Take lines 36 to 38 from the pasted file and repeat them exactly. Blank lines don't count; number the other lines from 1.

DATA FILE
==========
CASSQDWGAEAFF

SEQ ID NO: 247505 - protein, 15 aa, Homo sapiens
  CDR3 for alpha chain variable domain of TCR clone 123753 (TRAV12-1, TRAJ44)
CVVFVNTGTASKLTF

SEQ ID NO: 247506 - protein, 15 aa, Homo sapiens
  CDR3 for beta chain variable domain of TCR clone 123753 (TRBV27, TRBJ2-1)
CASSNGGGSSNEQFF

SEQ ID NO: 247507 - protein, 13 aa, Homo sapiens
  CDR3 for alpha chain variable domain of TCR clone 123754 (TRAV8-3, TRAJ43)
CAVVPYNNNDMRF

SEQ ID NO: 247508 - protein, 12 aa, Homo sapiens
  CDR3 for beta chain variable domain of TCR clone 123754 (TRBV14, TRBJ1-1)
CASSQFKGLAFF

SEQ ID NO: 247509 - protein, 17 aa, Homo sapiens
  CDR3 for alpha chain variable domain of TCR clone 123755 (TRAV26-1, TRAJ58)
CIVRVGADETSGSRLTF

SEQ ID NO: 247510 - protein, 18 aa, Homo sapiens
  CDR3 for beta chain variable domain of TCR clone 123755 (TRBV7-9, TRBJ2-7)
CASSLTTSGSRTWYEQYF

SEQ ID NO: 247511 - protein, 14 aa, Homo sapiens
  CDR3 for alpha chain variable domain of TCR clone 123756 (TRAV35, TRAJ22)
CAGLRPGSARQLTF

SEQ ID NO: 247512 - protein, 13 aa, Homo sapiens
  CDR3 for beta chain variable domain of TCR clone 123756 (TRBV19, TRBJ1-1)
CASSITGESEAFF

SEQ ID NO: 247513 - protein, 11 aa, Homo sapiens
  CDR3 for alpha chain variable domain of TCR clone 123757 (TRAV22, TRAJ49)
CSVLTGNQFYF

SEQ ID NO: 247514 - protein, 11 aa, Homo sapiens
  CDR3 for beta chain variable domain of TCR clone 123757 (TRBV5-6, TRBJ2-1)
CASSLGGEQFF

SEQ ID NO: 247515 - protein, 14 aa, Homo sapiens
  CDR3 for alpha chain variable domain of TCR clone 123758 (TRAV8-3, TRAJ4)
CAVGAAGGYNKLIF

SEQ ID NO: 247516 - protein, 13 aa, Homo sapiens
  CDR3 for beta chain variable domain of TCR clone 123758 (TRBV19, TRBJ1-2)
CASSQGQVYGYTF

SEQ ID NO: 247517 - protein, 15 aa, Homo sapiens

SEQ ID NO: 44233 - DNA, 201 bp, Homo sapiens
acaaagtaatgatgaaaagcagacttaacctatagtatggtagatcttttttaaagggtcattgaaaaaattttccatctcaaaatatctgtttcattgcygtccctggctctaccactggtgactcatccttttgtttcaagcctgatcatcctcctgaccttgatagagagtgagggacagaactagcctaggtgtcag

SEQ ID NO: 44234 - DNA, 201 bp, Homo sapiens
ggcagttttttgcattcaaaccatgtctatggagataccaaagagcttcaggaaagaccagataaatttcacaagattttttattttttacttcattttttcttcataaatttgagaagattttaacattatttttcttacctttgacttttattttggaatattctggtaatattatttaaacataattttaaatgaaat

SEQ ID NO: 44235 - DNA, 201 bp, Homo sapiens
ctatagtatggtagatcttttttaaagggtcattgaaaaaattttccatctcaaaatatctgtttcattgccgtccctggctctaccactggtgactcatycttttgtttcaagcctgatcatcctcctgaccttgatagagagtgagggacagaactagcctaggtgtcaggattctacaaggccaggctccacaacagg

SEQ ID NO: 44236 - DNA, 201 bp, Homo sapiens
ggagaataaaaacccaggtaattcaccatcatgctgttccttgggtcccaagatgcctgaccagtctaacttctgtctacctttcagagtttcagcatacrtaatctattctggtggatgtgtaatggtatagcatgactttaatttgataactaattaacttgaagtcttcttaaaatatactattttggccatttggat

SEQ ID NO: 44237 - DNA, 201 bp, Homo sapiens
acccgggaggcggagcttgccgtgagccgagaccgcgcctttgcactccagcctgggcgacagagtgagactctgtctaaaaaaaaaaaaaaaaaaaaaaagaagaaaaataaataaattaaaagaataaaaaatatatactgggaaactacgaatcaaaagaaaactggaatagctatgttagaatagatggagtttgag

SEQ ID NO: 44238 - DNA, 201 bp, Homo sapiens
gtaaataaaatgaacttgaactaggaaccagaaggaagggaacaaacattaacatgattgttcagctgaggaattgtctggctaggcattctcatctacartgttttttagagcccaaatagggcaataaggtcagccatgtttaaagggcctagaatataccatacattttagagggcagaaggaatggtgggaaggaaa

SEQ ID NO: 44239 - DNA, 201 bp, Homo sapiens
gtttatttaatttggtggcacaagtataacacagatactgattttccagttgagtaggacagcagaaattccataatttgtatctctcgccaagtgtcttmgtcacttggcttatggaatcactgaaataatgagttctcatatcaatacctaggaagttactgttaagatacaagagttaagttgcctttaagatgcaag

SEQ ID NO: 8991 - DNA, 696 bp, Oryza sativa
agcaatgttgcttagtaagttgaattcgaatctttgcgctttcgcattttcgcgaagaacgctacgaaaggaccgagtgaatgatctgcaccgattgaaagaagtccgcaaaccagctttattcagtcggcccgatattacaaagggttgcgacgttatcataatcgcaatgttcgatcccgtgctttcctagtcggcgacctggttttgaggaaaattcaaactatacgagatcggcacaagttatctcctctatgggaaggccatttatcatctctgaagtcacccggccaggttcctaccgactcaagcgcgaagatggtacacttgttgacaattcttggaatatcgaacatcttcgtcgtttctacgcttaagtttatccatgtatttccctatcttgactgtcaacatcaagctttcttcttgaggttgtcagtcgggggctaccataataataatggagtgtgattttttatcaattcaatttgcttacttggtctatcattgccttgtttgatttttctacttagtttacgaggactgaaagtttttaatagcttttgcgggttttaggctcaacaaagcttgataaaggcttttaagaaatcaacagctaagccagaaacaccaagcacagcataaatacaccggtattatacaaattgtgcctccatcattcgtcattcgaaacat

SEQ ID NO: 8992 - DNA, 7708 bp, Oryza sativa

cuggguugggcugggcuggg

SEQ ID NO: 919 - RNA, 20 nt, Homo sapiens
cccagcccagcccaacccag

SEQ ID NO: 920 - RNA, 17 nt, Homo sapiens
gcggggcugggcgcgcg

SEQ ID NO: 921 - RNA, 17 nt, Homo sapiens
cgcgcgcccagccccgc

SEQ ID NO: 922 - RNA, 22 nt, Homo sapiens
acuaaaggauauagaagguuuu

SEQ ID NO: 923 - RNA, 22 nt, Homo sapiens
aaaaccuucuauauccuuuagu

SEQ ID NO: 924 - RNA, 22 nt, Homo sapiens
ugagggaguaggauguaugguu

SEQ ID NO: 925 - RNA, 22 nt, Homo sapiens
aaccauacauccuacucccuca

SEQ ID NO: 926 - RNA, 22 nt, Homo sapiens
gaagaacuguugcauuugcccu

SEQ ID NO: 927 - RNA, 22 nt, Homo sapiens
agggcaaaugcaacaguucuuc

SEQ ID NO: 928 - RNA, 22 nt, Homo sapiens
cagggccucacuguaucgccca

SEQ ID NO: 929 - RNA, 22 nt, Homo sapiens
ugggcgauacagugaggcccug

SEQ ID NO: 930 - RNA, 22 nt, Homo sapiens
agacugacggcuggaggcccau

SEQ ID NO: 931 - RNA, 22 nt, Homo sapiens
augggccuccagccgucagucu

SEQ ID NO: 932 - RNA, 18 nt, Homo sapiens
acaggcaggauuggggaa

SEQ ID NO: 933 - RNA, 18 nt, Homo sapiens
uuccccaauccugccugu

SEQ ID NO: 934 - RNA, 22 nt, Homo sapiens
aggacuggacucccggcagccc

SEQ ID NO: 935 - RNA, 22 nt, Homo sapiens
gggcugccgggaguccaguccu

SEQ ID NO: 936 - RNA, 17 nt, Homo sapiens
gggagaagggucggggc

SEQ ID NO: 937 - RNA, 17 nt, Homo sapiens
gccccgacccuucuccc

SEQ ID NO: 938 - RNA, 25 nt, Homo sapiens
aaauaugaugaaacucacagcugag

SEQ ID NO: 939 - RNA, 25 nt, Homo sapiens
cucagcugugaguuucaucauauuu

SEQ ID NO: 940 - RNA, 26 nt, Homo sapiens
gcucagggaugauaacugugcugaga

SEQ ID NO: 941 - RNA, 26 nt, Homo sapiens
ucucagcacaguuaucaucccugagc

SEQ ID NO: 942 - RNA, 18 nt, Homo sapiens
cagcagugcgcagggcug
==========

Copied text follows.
  CDR3 for beta chain variable domain of TCR clone 123758 (TRBV19, TRBJ1-2)
CASSQGQVYGYTF

SEQ ID NO: 247517 - protein, 15 aa, Homo sapiens